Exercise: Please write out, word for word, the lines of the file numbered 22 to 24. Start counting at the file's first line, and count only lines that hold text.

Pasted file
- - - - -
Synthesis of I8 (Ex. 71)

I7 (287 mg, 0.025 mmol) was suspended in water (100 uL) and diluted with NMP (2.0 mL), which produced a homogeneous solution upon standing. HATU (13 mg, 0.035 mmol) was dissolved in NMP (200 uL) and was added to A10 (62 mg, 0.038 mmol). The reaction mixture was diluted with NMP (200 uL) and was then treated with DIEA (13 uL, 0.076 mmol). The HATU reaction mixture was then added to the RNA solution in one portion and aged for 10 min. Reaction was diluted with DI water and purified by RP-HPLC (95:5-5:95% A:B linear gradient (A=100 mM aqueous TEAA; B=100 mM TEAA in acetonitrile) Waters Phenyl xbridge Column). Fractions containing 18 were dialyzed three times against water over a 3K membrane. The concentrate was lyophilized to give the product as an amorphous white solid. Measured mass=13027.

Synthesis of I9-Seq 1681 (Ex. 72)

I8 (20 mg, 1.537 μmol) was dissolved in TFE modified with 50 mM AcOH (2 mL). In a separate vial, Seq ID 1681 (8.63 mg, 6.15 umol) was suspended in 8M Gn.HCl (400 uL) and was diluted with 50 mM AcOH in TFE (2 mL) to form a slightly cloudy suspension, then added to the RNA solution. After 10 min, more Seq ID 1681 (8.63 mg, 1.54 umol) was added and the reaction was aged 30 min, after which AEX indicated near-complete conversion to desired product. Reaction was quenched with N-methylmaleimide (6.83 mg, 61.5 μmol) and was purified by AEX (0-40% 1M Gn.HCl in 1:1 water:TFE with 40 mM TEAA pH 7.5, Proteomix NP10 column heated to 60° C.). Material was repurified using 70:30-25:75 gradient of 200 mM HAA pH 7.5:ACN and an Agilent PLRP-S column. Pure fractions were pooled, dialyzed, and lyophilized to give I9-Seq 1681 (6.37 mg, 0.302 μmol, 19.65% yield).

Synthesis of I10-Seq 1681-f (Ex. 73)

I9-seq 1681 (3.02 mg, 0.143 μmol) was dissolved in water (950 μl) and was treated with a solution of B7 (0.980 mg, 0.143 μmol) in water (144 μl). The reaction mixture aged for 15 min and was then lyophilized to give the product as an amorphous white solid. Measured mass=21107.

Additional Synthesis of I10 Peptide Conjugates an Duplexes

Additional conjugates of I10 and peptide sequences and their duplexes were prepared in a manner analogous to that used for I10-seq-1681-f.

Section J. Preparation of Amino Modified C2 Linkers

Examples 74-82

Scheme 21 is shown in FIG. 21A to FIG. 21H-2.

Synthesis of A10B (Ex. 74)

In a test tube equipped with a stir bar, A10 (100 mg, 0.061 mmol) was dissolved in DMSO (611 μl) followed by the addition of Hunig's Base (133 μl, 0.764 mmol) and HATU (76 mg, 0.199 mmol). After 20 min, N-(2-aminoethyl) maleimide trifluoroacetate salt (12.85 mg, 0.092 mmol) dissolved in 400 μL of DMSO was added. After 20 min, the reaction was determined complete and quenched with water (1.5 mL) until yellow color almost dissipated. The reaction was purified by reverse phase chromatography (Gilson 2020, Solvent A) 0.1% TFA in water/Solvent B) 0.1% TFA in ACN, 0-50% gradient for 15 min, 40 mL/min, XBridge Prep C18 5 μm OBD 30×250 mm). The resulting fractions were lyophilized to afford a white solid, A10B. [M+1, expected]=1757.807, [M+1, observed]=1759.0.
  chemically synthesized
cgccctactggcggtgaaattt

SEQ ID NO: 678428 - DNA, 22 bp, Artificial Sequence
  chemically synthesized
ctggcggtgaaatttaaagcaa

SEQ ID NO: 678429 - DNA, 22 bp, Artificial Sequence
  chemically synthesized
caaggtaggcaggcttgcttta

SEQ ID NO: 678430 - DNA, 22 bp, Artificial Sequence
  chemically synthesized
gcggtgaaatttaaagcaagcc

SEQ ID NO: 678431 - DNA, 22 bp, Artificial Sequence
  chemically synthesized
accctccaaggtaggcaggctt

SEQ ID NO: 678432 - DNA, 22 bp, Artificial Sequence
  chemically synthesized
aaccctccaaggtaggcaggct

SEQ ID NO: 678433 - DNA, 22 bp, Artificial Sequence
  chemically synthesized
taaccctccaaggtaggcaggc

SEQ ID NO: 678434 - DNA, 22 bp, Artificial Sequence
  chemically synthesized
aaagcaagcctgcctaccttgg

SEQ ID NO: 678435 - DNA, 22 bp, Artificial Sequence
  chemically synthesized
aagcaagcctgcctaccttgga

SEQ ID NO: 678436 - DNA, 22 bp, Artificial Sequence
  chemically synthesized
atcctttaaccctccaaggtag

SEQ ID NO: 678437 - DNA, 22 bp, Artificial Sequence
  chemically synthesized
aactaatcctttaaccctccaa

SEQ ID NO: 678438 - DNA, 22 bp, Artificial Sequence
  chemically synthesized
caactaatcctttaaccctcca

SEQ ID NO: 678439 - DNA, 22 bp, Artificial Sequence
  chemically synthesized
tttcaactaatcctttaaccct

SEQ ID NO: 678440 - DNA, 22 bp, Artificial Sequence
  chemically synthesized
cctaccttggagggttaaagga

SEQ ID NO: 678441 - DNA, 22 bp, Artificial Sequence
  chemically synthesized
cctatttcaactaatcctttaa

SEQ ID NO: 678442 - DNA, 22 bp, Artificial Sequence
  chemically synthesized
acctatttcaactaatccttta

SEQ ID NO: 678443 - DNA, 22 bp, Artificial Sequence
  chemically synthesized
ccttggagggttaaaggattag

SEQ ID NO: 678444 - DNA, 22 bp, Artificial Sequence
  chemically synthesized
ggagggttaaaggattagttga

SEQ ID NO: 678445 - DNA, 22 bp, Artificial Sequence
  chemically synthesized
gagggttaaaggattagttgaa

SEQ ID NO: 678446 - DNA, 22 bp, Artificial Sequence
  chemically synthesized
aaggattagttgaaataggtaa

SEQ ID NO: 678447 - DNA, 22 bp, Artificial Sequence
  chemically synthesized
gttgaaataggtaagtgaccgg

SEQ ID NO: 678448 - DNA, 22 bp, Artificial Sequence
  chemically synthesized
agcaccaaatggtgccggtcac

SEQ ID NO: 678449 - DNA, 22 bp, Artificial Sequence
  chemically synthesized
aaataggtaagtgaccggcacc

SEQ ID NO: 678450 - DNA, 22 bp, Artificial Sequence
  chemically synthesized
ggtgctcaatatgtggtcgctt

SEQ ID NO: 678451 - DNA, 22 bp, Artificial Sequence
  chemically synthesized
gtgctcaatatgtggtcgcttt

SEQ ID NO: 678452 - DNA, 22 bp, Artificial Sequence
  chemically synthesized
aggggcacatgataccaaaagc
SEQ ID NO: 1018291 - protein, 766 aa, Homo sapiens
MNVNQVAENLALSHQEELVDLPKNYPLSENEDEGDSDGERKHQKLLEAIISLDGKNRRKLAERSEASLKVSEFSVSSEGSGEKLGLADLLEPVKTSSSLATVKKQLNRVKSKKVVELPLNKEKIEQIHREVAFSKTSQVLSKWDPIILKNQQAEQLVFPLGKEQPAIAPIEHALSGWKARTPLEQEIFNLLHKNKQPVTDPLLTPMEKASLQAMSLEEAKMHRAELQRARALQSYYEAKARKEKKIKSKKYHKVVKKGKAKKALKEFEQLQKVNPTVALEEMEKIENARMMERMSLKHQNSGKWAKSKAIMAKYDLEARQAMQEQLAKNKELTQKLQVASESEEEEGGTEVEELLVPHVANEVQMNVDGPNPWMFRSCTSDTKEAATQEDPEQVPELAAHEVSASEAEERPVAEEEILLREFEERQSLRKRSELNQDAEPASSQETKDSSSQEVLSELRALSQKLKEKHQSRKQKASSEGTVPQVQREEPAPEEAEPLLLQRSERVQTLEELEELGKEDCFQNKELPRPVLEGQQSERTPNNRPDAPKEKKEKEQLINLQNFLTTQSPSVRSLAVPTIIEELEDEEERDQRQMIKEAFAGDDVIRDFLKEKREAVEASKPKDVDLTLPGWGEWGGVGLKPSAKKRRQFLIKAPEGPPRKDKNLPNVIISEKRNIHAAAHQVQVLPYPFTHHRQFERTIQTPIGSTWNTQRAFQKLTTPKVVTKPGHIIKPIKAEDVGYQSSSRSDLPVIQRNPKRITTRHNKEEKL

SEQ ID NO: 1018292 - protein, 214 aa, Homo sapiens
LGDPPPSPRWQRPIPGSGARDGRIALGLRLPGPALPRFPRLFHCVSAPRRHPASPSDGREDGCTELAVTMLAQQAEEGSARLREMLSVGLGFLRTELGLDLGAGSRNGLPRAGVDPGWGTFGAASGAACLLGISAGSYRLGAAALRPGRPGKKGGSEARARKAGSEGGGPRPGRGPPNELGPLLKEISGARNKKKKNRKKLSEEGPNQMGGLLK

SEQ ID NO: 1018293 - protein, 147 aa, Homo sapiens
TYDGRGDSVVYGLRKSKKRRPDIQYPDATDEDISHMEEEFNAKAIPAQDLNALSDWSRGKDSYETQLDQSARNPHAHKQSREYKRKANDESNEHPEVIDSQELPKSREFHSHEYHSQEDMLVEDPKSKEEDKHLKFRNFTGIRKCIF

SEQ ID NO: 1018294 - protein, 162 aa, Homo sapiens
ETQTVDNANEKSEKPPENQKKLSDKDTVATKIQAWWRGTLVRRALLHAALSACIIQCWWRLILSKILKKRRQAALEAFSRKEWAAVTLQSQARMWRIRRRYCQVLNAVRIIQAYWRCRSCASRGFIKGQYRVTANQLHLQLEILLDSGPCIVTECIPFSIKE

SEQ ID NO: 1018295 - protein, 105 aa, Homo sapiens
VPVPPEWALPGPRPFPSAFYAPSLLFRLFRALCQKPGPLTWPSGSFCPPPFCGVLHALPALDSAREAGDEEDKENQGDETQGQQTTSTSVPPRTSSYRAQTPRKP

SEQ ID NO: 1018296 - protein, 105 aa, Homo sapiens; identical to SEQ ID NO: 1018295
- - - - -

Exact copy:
SEQ ID NO: 678430 - DNA, 22 bp, Artificial Sequence
  chemically synthesized
gcggtgaaatttaaagcaagcc